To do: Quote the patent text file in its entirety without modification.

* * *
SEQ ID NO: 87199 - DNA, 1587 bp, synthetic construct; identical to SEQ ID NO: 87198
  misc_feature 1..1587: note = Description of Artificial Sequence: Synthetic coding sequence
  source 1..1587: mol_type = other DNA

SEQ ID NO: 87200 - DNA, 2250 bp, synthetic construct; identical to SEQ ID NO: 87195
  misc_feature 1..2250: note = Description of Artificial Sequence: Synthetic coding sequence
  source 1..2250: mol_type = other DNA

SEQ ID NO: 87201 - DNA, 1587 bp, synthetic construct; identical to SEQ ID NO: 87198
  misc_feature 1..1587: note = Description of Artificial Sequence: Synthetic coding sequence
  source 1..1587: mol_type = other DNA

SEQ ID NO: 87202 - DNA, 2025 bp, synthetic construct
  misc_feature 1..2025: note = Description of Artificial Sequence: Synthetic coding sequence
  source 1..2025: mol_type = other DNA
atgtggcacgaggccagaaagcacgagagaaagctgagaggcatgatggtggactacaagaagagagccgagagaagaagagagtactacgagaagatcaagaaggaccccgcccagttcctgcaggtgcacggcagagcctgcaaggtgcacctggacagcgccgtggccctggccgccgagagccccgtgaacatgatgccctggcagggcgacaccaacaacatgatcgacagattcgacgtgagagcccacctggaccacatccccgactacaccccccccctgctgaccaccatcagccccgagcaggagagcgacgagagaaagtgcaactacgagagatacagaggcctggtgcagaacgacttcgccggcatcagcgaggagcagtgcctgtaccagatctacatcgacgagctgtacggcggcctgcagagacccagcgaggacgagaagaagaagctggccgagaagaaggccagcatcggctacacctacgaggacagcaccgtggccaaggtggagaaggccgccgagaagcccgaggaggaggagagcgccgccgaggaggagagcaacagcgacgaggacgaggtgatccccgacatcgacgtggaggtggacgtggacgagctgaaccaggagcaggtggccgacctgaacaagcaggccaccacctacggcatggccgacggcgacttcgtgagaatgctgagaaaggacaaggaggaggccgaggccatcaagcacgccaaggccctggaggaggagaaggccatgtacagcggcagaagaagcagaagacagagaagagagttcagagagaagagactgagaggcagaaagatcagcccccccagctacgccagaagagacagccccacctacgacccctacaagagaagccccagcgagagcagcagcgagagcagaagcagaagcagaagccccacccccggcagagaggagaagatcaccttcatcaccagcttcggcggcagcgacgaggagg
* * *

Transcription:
SEQ ID NO: 87199 - DNA, 1587 bp, synthetic construct; identical to SEQ ID NO: 87198
  misc_feature 1..1587: note = Description of Artificial Sequence: Synthetic coding sequence
  source 1..1587: mol_type = other DNA

SEQ ID NO: 87200 - DNA, 2250 bp, synthetic construct; identical to SEQ ID NO: 87195
  misc_feature 1..2250: note = Description of Artificial Sequence: Synthetic coding sequence
  source 1..2250: mol_type = other DNA

SEQ ID NO: 87201 - DNA, 1587 bp, synthetic construct; identical to SEQ ID NO: 87198
  misc_feature 1..1587: note = Description of Artificial Sequence: Synthetic coding sequence
  source 1..1587: mol_type = other DNA

SEQ ID NO: 87202 - DNA, 2025 bp, synthetic construct
  misc_feature 1..2025: note = Description of Artificial Sequence: Synthetic coding sequence
  source 1..2025: mol_type = other DNA
atgtggcacgaggccagaaagcacgagagaaagctgagaggcatgatggtggactacaagaagagagccgagagaagaagagagtactacgagaagatcaagaaggaccccgcccagttcctgcaggtgcacggcagagcctgcaaggtgcacctggacagcgccgtggccctggccgccgagagccccgtgaacatgatgccctggcagggcgacaccaacaacatgatcgacagattcgacgtgagagcccacctggaccacatccccgactacaccccccccctgctgaccaccatcagccccgagcaggagagcgacgagagaaagtgcaactacgagagatacagaggcctggtgcagaacgacttcgccggcatcagcgaggagcagtgcctgtaccagatctacatcgacgagctgtacggcggcctgcagagacccagcgaggacgagaagaagaagctggccgagaagaaggccagcatcggctacacctacgaggacagcaccgtggccaaggtggagaaggccgccgagaagcccgaggaggaggagagcgccgccgaggaggagagcaacagcgacgaggacgaggtgatccccgacatcgacgtggaggtggacgtggacgagctgaaccaggagcaggtggccgacctgaacaagcaggccaccacctacggcatggccgacggcgacttcgtgagaatgctgagaaaggacaaggaggaggccgaggccatcaagcacgccaaggccctggaggaggagaaggccatgtacagcggcagaagaagcagaagacagagaagagagttcagagagaagagactgagaggcagaaagatcagcccccccagctacgccagaagagacagccccacctacgacccctacaagagaagccccagcgagagcagcagcgagagcagaagcagaagcagaagccccacccccggcagagaggagaagatcaccttcatcaccagcttcggcggcagcgacgaggagg